Top 10 Seafood Dishes in Singapore

Default Page Banner
Top 10 Seafood Dishes in Singapore
Top 10 Seafood Dishes in Singapore

Top 10 Seafood Dishes in Singapore


Singaporeans love seafood. As an island surrounded by water it is no wonder Singaporeans are spoilt for choice with both local and imported seafood playing a big part in our cuisine. From chilli crab to fish head curry and everything in between, here is our list of the top 10 seafood dishes in Singapore. 


Chilli Crab


If you were to choose just one dish to represent Singapore cuisine, the ever recognisable chilli crab would be one of your first options. Hailed as one of the World’s 50 Most Delicious Foods by CNN Go in 2011, nothing beats dipping your crab into the sweet, spicy and savoury tomato-based sauce and licking your fingers after. It even comes with a side of mantou so you can mop up all that flavour.


Forget about looking presentable, eating chilli crab is a messy affair and there’s no other way around it. 


Cereal Prawn


A staple on every zi char menu, cereal prawns are sweet, savoury and exceptionally crunchy thanks to the crispy prawn shell and cereal crumbs. Fresh, meaty prawns are trimmed and coated with a batter of egg yolk, curry leaves, chilli padi and cereals. The prawns are deep fried and drained before being finished off in a wok with the cereal mixture made from cereal, milk powder, sugar, salt and chicken powder.


Sambal Sotong


Sambal is a concoction of chilli, shrimp paste, garlic, ginger, shallots, scallion, palm sugar and lime juice beloved by all Singaporeans. Sambal sotong is an all time favourite at hawker centres and nasi padang stalls. Grilled and generously heaped with sambal chilli, we love this dish for its succulent texture and spicy kick.


Sambal Stingray

Another sambal dish on this list, sambal stingray shares the same spicy kick found in sambal sotong. Great sambal stingray is easily pulled apart with a stringy texture unlike any other. Grilled in a banana leaf, the stingray flesh should be delicate and light to offset the fiery sambal. Of course, sambal stingray is not complete without chinchalok; a light pink-coloured dipping sauce made from fermented shrimp, onions and lime juice which we love for the tanginess it adds to the dish.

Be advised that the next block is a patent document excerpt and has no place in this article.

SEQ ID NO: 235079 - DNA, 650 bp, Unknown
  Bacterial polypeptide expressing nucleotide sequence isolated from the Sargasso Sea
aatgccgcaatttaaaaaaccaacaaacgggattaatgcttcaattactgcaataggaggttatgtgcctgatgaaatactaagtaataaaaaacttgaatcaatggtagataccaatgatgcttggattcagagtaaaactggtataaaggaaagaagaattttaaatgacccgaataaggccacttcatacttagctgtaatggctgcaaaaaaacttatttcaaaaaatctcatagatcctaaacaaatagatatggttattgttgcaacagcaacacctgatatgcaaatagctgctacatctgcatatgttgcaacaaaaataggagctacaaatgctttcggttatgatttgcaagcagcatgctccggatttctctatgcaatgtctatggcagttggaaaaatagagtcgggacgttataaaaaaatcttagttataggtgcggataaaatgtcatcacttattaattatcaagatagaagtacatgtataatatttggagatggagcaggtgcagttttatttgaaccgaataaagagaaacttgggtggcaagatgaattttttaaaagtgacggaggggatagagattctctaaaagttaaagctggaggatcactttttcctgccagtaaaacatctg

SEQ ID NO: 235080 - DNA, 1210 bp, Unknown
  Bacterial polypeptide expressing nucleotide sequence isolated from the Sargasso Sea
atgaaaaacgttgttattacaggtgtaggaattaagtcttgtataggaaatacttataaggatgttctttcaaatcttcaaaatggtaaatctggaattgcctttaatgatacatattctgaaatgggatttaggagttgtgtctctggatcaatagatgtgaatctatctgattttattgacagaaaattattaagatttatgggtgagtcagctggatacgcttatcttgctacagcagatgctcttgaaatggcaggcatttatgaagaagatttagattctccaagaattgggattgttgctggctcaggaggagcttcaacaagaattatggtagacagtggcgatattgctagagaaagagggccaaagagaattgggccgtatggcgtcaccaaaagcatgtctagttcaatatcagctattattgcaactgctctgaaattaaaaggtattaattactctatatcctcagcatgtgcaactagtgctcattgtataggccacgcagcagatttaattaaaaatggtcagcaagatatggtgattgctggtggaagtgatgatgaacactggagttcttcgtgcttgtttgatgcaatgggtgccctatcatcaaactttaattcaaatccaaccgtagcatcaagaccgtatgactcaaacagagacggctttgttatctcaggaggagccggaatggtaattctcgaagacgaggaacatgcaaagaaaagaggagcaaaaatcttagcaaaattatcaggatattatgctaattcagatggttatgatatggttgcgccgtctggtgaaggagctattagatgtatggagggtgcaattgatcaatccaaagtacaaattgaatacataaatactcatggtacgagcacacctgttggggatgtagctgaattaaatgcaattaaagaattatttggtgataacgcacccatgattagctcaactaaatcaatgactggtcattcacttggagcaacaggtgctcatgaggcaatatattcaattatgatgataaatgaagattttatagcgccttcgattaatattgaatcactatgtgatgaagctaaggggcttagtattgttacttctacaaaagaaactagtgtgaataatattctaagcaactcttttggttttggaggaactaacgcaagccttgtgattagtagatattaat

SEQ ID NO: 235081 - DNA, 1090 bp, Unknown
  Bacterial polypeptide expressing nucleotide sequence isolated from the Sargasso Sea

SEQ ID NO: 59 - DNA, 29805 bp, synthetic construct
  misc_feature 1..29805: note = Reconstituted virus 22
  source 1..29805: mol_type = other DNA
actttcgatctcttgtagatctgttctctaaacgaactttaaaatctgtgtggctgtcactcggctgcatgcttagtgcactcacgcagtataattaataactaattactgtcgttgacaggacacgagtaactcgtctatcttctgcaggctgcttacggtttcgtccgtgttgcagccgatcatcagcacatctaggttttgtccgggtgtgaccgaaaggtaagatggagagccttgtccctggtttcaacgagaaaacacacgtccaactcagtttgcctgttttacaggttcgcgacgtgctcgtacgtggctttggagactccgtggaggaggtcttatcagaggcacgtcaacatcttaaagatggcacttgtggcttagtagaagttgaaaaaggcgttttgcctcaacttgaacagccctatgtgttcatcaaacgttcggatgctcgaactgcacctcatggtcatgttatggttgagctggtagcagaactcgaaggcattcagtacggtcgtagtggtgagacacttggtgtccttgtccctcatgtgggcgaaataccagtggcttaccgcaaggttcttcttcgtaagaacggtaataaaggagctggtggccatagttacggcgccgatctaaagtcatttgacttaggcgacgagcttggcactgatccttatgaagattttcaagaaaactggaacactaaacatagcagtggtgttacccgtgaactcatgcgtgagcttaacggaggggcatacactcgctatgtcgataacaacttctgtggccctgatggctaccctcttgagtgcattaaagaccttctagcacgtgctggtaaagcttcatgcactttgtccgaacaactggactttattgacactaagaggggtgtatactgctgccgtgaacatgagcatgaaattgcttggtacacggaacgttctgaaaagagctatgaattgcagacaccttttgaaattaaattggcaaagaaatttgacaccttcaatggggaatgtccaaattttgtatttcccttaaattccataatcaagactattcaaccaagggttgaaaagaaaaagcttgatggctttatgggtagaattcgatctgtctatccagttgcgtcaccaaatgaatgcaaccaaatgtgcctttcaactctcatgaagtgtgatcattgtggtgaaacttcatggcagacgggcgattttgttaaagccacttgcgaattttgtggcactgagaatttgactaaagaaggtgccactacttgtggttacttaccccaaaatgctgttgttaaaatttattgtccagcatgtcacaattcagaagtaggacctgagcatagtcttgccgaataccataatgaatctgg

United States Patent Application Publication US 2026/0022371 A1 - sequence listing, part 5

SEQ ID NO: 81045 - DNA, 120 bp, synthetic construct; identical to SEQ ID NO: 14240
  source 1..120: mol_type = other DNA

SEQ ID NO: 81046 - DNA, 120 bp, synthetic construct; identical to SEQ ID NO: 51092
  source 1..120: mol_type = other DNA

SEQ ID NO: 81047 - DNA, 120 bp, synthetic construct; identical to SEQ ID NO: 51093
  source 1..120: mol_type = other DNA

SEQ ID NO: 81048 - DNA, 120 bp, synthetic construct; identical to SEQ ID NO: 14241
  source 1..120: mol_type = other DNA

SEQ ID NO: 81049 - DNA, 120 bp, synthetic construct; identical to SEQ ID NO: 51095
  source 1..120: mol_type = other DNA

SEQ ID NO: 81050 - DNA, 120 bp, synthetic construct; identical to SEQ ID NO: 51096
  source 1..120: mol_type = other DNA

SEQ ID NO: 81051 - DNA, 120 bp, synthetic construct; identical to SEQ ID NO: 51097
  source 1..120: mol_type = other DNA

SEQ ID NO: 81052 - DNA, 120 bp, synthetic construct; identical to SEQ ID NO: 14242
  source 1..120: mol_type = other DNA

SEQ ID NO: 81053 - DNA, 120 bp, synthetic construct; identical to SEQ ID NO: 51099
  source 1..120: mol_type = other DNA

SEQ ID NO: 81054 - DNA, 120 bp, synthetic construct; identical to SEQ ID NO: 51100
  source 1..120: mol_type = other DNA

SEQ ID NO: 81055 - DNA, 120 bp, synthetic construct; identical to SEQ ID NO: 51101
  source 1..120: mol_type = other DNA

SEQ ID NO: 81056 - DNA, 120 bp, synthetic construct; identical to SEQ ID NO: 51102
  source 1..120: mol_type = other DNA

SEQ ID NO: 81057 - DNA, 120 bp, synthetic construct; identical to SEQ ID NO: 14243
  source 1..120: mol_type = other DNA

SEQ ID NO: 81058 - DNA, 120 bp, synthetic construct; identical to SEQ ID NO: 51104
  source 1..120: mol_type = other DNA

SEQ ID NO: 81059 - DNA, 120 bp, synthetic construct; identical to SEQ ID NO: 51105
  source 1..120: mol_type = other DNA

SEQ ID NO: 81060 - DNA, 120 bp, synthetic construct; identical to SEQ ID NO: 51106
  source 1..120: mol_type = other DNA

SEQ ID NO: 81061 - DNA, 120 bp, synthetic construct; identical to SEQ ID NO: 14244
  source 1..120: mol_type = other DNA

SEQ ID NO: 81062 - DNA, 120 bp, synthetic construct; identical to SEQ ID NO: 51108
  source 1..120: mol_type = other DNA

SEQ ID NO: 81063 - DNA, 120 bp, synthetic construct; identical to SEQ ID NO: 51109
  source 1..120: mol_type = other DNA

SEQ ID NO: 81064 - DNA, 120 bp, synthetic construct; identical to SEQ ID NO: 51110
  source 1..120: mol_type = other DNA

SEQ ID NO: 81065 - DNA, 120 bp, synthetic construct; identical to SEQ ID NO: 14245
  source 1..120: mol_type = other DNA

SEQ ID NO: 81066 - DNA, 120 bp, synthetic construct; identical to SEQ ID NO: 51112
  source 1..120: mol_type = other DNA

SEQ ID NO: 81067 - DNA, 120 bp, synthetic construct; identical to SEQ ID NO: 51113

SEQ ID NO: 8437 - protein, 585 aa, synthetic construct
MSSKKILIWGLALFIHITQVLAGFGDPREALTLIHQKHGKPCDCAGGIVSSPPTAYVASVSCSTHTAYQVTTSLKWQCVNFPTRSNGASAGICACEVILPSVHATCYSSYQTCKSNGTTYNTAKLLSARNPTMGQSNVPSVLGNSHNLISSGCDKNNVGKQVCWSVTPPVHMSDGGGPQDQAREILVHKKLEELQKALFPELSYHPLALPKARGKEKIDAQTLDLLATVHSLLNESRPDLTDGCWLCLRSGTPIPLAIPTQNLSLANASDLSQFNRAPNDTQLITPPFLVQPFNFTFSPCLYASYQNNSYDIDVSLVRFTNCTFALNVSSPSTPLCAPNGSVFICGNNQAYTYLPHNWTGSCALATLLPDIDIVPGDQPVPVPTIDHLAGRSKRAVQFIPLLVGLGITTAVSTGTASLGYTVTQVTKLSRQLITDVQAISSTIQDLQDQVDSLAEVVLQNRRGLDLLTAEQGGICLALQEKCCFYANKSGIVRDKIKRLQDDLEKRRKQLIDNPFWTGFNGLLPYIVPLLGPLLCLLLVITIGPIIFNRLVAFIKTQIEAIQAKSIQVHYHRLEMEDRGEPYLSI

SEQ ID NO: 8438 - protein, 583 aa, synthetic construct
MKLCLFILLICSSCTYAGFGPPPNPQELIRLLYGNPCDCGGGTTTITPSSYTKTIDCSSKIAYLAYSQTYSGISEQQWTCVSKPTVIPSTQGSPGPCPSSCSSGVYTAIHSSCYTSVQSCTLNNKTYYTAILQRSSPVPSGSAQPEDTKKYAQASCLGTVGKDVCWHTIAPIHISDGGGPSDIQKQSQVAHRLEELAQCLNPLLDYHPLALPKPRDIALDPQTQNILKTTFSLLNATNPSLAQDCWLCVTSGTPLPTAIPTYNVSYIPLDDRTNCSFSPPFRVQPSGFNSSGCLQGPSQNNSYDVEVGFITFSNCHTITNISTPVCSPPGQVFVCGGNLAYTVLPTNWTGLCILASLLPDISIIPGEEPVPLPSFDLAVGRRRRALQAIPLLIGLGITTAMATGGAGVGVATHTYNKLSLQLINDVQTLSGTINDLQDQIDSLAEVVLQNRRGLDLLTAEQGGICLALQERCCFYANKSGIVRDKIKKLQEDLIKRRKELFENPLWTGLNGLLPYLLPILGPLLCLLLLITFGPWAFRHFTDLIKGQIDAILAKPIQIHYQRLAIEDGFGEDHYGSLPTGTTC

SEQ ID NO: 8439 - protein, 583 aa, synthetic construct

Laksa in Singapore typically comes in two variations. Assam laksa and the coconut-based curry laksa. The curry version is the more popular local option and has its roots in Peranakan culture. Although the core of laksa is the rich and creamy broth; prawns, cockles and fishcakes impart an ocean flavour that goes brilliantly with the spicy notes of the dish.


Fish Head Curry

Fish Head Curry is an iconic dish unique to Singapore and Malaysia. It is made by stewing the head of a Red Snapper (angkoli) in a pot of curry with various vegetables. The result is an extremely aromatic and fragrant concoction that will make your mouth water! A helping of tau pok (fried bean curd) adds crunch, while Singaporeans love to spoon the curry over rice and eat it as is.


Be sure to use fresh Red Snapper to ensure that the meat has no fishy aftertaste.


Fish Head Bee Hoon Soup


It is said that fish head became a delicacy in Singapore because workers did not want to waste any part of the food they were cooking. Fish Head Bee Hoon Soup involves either boiling or frying sliced fish heads before it is dunked into a light, creamy and milky soup punctuated by greens and clear noodles. The fish used for this dish can be snakehead, promfet, batang or garoupa.


Fish Head Bee Hon soup is a popular choice for comfort food that is both healthy and delicious.


Sweet and Sour Fish


Another zi char staple, sweet and sour fish is typically made with red snapper, grouper, batang or mackerel. Generally, white-fleshed fish with light flavours are the best option.


The fish is marinated and coated in a crispy batter before being fried til golden brown. From there, the sweet and sour sauce is created by mixing tomato sauce, chilli sauce, sugar, sweet rice vinegar, chinese wine and lemon juice. The battered fillets are finished in the sauce to ensure each piece is evenly coated with the sauce.


Finished with spring onions, sliced peppers and pineapples, sweet and sour fish is an extremely versatile and comforting dish.


Thinking of whipping up one of these dishes for yourself? Fresh seafood is the most important ingredient to the success of any seafood dish. But you don’t have to visit the fishmonger in the morning to get it.


Tankfully Fresh offers the freshest catch, delivered to you anywhere in Singapore on the next day (Mondays excluded) if you order before 11.59 pm. Visit our website at to find out how you can get a variety of fresh and frozen seafood direct to your door with just a click.



Share to: